About a year later, Evander got a call from the English looking guy. It seemed that Barry had called Evander because Evander knew Dr. Dick. He wanted Dr. Dick to speak at his club and wanted Evander to help with the arrangements. Evander called Dick and they met at a local restaurant.
Once lunch was over, Evander asked Dick if he’d speak to Barry’s fishing club. Dick was pleased that Evander was having to ask him about speaking somewhere. He sipped his coffee and leaned back. “You know Evander,” he said grandly, “I normally get an honorarium for speaking at fishing clubs.”
“Yes,” Evander said. “They gave me two different offers for you. One for if you speak for 30 minutes and one for if you speak for an hour. They’ll give you a hundred dollars for you to speak for 30 minutes.”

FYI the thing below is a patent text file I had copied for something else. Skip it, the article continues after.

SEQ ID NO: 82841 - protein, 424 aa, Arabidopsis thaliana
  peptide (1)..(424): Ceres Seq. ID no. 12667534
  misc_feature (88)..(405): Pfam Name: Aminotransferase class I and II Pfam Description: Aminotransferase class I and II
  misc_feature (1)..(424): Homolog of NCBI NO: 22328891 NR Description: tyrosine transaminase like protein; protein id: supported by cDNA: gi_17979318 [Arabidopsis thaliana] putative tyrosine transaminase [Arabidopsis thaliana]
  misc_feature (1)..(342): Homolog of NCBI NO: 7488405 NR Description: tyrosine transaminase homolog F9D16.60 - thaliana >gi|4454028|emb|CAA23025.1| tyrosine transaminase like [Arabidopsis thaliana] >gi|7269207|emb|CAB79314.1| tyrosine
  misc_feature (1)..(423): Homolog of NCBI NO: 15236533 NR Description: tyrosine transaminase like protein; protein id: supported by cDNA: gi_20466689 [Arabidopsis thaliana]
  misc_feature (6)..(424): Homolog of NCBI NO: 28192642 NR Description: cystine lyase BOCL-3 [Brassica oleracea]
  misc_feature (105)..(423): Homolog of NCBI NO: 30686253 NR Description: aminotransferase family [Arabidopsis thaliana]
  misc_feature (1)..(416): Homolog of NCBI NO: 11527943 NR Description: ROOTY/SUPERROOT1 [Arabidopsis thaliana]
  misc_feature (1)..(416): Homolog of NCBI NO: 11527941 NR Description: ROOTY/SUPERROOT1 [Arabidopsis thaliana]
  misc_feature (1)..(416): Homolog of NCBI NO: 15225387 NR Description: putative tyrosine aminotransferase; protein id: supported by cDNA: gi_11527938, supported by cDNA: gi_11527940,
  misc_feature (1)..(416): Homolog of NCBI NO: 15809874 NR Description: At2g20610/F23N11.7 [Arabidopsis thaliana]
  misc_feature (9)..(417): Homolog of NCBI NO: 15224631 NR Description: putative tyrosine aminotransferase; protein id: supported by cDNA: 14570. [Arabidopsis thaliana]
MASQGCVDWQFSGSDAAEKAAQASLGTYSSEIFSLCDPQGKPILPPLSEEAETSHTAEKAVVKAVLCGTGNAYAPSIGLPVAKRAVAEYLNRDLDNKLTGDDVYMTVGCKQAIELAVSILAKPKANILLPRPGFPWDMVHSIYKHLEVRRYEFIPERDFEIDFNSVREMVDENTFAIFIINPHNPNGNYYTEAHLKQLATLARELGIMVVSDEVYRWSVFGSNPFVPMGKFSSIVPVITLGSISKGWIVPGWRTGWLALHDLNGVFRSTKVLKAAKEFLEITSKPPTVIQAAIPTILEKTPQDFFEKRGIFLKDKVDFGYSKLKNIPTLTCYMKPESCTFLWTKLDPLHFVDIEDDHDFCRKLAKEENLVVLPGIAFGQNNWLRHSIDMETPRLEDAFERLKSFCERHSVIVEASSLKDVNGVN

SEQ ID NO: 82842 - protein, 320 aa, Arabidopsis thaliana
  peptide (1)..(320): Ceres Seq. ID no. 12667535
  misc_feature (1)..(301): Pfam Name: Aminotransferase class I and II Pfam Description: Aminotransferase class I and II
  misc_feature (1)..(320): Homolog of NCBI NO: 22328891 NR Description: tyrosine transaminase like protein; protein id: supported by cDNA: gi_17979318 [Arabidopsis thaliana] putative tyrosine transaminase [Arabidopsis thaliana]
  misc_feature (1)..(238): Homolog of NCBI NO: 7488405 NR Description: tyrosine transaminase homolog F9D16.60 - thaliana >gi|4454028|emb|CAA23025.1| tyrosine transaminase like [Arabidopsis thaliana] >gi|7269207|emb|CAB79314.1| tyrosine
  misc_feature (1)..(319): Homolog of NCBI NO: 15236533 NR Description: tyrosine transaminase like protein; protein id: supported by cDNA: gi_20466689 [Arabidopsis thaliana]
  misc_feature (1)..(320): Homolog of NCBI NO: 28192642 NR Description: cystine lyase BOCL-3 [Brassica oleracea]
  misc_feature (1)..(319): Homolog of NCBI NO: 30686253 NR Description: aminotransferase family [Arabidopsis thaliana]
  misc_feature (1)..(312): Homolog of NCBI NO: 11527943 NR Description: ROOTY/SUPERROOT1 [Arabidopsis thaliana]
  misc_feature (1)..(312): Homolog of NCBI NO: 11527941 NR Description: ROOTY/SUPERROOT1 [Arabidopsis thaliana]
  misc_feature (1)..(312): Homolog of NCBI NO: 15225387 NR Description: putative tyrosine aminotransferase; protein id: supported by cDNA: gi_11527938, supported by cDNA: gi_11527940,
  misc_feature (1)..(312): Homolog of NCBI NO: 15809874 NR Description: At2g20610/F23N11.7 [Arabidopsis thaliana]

A broad smile spread across Dr. Dick’s face. “A hundred dollars for a half hour, huh? That’s pretty good. What will they give me if I speak for an hour?”
Evander shifted a little in his chair. “Well,” he chuckled. “They said if you want to talk for an hour, they’ll give you fifty dollars.”
Dick Jones is an award-winning freelance writer living in High Point. He writes about hunting, fishing, dogs, and shooting for national magazines and websites. He recently finished his first book, Off the Porch. If you’d like to have him speak to your group, he can be reached at firstname.lastname@example.org or offtheporchmedia.com